WIN Seminar - Professor Leslie Yeo "Acoustofluidics: Manipulating Fluids at the Microscale and Nanoscale for Biomedical Applications"

Thursday, October 6, 2016 3:00 pm - 4:00 pm EDT (GMT -04:00)

The Waterloo Institute for Nanotechnology (WIN) presents a seminar by Professor Leslie Yeo, from Micro/Nanophysics Research Laboratory, School of Engineering, RMIT University, Melbourne, Australia

Acoustofluidics: Manipulating Fluids at the Microscale and Nanoscale for Biomedical Applications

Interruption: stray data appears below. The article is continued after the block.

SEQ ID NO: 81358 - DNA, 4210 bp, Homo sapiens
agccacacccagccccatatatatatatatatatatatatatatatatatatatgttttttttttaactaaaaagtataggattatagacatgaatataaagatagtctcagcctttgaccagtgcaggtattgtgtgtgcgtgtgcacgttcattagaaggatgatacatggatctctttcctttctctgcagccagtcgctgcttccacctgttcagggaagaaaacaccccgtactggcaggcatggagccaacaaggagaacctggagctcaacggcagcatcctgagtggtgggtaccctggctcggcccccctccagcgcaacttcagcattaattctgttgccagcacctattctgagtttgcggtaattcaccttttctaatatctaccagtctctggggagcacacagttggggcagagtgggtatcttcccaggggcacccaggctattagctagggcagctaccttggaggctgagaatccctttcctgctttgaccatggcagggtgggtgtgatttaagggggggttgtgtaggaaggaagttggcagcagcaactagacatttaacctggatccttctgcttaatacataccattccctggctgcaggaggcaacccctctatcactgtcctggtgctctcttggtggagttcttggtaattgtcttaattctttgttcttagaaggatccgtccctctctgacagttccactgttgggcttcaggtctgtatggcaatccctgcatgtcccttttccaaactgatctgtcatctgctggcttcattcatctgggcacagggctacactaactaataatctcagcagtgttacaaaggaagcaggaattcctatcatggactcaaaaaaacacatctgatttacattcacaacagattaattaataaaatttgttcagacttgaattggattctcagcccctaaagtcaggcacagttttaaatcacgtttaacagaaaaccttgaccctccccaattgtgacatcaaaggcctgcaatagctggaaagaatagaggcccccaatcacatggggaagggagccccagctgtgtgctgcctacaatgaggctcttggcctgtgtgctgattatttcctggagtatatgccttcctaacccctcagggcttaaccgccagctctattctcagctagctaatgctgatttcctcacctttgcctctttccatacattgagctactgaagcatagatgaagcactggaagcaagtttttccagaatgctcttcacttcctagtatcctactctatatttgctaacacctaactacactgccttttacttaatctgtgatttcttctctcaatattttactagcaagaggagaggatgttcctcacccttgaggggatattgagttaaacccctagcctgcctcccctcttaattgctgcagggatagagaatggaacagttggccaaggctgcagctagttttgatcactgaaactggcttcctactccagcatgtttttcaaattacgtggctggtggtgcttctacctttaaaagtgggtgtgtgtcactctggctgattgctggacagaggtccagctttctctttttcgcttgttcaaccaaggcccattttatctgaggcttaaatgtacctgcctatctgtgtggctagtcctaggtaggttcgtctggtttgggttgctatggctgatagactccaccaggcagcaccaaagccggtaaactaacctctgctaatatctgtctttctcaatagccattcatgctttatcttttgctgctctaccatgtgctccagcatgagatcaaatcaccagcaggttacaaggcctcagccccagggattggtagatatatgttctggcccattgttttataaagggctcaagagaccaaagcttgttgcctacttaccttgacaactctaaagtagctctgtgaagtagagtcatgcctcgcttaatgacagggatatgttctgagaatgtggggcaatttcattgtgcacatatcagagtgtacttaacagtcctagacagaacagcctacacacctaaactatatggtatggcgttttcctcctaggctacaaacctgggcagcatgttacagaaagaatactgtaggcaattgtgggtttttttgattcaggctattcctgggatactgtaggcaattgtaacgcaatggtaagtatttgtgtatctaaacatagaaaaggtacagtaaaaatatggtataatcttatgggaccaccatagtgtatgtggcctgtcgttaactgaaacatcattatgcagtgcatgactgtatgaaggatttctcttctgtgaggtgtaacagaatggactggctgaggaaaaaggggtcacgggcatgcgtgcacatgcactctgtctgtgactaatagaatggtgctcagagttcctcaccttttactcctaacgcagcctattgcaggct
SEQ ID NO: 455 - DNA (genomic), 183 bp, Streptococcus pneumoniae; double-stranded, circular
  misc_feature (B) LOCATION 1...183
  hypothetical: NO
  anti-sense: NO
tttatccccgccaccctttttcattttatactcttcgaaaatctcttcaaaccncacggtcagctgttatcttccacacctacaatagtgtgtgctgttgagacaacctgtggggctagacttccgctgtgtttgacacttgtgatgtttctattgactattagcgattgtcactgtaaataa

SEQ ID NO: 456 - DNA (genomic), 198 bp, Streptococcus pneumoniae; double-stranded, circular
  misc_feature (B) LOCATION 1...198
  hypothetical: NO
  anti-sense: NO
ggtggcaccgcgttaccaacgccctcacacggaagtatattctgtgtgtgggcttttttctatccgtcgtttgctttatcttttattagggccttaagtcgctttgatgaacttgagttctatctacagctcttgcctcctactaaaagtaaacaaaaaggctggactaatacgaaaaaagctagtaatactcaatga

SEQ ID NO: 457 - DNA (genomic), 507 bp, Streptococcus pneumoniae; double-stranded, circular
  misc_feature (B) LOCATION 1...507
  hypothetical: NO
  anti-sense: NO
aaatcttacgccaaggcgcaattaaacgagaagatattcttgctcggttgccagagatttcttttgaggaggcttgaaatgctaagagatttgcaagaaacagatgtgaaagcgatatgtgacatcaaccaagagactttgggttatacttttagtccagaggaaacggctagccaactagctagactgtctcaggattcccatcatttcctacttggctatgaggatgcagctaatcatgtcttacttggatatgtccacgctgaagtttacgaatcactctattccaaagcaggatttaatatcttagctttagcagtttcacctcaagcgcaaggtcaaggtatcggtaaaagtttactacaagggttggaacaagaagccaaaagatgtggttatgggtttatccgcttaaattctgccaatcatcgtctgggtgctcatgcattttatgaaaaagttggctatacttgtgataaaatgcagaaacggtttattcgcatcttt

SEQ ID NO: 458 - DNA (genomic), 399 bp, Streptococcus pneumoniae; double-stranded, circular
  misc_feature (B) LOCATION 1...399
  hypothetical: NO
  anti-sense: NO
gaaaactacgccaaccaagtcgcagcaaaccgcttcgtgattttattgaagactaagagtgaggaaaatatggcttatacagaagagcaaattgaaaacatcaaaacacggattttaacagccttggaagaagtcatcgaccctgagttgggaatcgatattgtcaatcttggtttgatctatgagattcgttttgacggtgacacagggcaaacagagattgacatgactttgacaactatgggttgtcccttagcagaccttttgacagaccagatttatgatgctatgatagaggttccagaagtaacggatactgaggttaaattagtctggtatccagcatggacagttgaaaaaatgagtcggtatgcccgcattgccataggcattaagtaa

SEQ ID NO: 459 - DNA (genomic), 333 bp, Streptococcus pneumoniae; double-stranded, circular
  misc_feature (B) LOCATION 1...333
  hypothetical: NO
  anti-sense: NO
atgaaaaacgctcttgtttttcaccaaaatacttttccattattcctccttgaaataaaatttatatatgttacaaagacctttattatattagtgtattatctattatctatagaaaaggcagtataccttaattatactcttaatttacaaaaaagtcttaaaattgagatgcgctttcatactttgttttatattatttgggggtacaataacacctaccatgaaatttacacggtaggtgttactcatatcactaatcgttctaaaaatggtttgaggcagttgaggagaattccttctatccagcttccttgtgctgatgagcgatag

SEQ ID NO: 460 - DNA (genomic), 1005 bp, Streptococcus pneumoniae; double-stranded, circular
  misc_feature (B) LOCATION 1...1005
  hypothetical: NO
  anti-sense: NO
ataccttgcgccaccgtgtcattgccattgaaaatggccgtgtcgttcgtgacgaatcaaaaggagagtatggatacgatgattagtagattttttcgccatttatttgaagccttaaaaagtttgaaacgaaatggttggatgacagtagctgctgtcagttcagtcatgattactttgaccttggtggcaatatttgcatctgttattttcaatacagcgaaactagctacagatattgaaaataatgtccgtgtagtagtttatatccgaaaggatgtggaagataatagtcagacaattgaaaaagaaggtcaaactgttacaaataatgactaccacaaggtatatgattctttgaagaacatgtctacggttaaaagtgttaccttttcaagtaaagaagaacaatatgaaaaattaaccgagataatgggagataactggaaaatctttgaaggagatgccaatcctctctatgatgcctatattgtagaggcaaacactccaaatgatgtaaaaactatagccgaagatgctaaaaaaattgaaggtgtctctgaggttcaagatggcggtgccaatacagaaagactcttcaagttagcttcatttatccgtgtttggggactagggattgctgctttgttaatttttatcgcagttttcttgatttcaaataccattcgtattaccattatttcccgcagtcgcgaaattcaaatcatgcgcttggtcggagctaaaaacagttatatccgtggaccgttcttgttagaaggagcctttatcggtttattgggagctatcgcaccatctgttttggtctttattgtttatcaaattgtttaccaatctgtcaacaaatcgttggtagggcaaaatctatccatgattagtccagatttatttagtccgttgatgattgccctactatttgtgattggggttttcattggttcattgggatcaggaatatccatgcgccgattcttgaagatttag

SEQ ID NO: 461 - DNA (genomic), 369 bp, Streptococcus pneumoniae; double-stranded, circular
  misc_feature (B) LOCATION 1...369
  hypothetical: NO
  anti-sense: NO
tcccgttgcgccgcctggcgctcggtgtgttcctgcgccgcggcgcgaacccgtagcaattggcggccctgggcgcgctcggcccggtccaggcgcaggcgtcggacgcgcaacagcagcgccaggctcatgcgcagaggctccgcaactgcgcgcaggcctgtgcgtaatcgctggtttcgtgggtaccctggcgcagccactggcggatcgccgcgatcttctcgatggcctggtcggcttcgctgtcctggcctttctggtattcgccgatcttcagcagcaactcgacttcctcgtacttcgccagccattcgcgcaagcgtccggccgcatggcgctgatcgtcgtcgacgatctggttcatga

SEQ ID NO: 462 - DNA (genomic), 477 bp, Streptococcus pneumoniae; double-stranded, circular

Though uncommon in most microfluidic systems due to the dominance of viscous and capillary stresses, it is possible to induce inertial transport at microscale and nanoscale dimensions using ultrasound. In particular, microfluidic actuation and manipulation is particularly efficient when driven using surface acoustic waves (SAWs), which are nanometer order amplitude electroelastic waves that can be generated on a piezoelectric substrate. Due to the confinement of the high frequency acoustic energy to a thin localized region along the substrate surface and its subsequent leakage into the body of liquid with which the substrate comes into contact, SAWs are an extremely efficient mechanism for driving ultrafast microfluidics. We demonstrate that it is possible to generate a variety of efficient microfluidic flows using the SAW. For example, the SAWs can be exploited to pump liquids in microchannels or to translate free droplets typically one or two orders of magnitude faster than conventional electroosmotic or electrowetting technology. In addition, it is possible to drive strong microcentrifugation for micromixing and bioparticle concentration or separation. In the latter, rich and complex colloidal pattern formation dynamics have also been observed. At large input powers, the SAW is a powerful means for the generation of jets and atomized aerosol droplets through rapid destabilization of the parent drop interface. In the former, slender liquid jets that persist up to centimeters in length can be generated without requiring nozzles or orifices. In the latter, a monodispersed distribution of 1–10 micron diameter aerosol droplets is obtained, which can be exploited for drug delivery and encapsulation, nanoparticle synthesis, and template-free polymer array patterning.